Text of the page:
Hundred Board Magic
Students use "magic" to navigate around the hundred board.   This activity introduces horizontal arrows which mean move one square in the direction the arrow points and vertical arrows which mean move up or down one row in the direction the arrow points.   These activities support students as they develop understanding of powerful number patterns in the hundred board: (1) moving across or back one space means adding or subtracting one from the starting number; (2) moving up or down one row means adding or subtracting ten from the starting number; (3) combining a series of arrows is the same as adding or subtracting a two-digit number.   These activities build upon the understanding of counting on and counting back by one.   The arrow magic routines challenge students to develop strategies for counting on and back by ten.
- Hundred Board for each student.   Place each chart in a clear sleeve protector so that students can use dry erase markers to circle starting and ending numbers.   They can also "hop" from number to number to mark each arrow on the path making it easier for the teacher to see what strategy students are using.
- dry-erase markers and erasers for each student
- Hundred Board transparency or dry-erase Hundred Board Chart for instructional use
- Copy of Hundred Board Magic for teacher reference
- 8-10 arrows: copy arrows from Hundred Board Magic packet (pages 12-13) onto card stock then laminate and affix magnetic tape for use on magnetic chalkboards. If the chalkboard is not magnetic, use tape on the back of the arrows or use a pocket chart to display arrows.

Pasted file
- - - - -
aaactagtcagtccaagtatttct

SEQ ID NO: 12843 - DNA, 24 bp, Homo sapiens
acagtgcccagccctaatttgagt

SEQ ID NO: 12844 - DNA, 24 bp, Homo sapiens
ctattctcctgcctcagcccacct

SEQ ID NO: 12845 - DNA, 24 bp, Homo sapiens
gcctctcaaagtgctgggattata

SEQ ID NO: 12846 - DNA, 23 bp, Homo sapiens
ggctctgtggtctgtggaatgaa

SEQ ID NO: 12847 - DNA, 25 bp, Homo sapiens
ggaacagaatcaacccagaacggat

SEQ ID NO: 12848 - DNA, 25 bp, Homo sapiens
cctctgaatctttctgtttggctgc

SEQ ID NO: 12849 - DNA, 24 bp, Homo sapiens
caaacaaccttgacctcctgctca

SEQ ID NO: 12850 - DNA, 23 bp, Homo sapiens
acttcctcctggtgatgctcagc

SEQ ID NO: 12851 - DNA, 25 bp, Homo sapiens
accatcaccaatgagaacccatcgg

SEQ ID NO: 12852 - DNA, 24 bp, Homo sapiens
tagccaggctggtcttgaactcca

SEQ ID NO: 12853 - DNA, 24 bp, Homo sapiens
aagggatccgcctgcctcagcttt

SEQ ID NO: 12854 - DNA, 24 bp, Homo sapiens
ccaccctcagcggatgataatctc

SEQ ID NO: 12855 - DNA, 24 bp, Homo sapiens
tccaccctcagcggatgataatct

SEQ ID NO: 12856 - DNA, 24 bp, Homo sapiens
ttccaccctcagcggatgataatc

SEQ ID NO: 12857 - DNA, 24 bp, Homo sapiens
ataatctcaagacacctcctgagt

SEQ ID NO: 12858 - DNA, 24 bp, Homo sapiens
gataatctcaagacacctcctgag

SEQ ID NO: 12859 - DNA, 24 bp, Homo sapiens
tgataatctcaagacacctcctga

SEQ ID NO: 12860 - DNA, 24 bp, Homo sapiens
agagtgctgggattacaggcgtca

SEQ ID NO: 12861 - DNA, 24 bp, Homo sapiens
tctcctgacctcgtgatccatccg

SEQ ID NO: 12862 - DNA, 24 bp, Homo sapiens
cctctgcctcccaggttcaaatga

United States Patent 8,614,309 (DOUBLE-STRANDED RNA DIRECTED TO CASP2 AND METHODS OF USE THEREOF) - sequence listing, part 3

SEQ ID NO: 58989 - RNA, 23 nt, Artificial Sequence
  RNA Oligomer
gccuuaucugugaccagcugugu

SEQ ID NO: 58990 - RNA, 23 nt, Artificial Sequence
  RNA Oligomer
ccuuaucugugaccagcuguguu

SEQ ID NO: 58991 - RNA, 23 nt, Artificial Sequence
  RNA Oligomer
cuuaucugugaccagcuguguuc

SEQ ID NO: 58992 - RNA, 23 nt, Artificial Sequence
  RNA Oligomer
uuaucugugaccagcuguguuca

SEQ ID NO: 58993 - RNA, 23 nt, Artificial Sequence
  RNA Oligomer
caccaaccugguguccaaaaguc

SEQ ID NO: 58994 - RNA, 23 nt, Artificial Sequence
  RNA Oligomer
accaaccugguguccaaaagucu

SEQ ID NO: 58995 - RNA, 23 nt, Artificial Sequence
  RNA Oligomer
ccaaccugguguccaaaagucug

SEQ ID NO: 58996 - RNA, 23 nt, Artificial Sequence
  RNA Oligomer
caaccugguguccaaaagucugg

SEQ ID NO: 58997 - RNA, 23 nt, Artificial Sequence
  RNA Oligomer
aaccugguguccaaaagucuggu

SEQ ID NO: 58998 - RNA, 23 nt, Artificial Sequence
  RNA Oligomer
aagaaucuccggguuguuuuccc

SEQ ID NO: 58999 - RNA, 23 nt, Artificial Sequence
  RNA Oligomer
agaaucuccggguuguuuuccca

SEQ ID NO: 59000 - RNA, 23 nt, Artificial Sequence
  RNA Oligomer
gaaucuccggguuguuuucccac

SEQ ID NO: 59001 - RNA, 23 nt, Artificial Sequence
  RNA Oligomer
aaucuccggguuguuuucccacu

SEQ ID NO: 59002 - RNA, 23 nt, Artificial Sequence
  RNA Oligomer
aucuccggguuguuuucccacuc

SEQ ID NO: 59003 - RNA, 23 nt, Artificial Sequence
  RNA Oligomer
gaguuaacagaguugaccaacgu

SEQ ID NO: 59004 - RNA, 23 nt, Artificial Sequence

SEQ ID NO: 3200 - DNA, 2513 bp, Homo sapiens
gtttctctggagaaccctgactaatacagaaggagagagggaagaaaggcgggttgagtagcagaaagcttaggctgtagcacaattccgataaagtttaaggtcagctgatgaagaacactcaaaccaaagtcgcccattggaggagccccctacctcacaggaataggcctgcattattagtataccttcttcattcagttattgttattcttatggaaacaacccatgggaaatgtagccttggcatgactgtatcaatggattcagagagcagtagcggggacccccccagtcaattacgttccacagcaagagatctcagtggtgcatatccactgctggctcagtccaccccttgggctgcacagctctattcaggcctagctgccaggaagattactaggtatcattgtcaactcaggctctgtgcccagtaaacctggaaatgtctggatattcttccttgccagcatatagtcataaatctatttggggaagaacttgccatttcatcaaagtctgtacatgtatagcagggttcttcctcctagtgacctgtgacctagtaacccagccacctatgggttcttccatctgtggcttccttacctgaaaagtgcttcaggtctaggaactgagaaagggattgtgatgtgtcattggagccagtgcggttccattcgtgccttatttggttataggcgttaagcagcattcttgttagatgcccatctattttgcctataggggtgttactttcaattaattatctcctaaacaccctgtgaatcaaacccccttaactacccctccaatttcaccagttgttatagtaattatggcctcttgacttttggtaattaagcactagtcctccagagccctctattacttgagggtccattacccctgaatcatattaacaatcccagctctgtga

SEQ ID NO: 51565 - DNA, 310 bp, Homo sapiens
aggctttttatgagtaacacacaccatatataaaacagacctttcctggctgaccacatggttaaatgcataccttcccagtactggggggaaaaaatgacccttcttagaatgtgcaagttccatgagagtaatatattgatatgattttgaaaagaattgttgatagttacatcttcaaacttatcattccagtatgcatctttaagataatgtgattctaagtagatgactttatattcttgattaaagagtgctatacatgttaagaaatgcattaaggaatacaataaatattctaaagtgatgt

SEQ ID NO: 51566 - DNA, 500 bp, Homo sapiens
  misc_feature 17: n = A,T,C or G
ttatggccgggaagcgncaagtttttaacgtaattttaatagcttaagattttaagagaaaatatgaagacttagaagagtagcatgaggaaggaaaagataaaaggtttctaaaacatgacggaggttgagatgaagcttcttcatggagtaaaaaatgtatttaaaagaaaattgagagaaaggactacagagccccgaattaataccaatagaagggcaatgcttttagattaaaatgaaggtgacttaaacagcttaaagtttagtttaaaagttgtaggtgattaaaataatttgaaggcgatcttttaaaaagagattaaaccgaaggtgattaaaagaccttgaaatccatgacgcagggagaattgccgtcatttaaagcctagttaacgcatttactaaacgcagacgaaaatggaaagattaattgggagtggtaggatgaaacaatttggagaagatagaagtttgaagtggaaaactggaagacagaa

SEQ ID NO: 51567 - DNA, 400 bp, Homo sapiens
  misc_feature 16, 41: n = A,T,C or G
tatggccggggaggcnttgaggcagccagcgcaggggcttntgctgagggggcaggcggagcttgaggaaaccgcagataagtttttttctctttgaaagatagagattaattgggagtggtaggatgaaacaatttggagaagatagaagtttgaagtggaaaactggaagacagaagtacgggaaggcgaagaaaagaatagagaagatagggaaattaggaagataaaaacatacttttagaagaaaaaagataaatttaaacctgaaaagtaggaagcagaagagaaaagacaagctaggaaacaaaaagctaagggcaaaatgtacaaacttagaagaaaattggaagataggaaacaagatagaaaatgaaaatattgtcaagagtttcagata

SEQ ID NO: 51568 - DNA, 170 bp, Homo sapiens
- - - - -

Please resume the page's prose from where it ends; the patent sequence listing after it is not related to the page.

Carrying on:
- Magnetic number cards (for starting and ending numbers) or use laminated blank cards on which teacher or students can write beginning and ending numbers using a dry-erase marker
Horizontal Arrows: The teacher introduces a horizontal arrow which means to move one space in the direction it points (forward or backward).   Students will quickly see that this represents adding or subtracting one from the starting number.   Next, the teacher identifies a starting number.   The teacher creates a string of these horizontal arrows and challenges students to figure out where they end up after following each arrow.   The teacher asks students to give a number sentence for the "arrow magic" sentence.   The teacher should lead the class in several more examples and end with some mixed examples of arrows pointing in both directions.
Vertical Arrows:Next the teacher introduces the vertical arrow pointed down and challenges students to decode the meaning of this hundred board move.   If students are familiar with the hundred board, they should recognize this as a move to the number below the starting number.   Practice several of these simple examples to reinforce this counting on by ten.   Circulate around the room to informally assess which students are counting on by ten and which students are still counting each of the ten squares.   Make a note of these student names so that you can provide additional individual or small-group instruction and practice so that students develop an understanding of the counting by ten strategy.   Now introduce the vertical arrow pointing up and ask students to explain what this arrow means,   Again, practice several examples to be certain that students are clear on the meaning.   Finally, introduce a series of down, up or a combination of up and down arrows and challenge students to identify the ending number.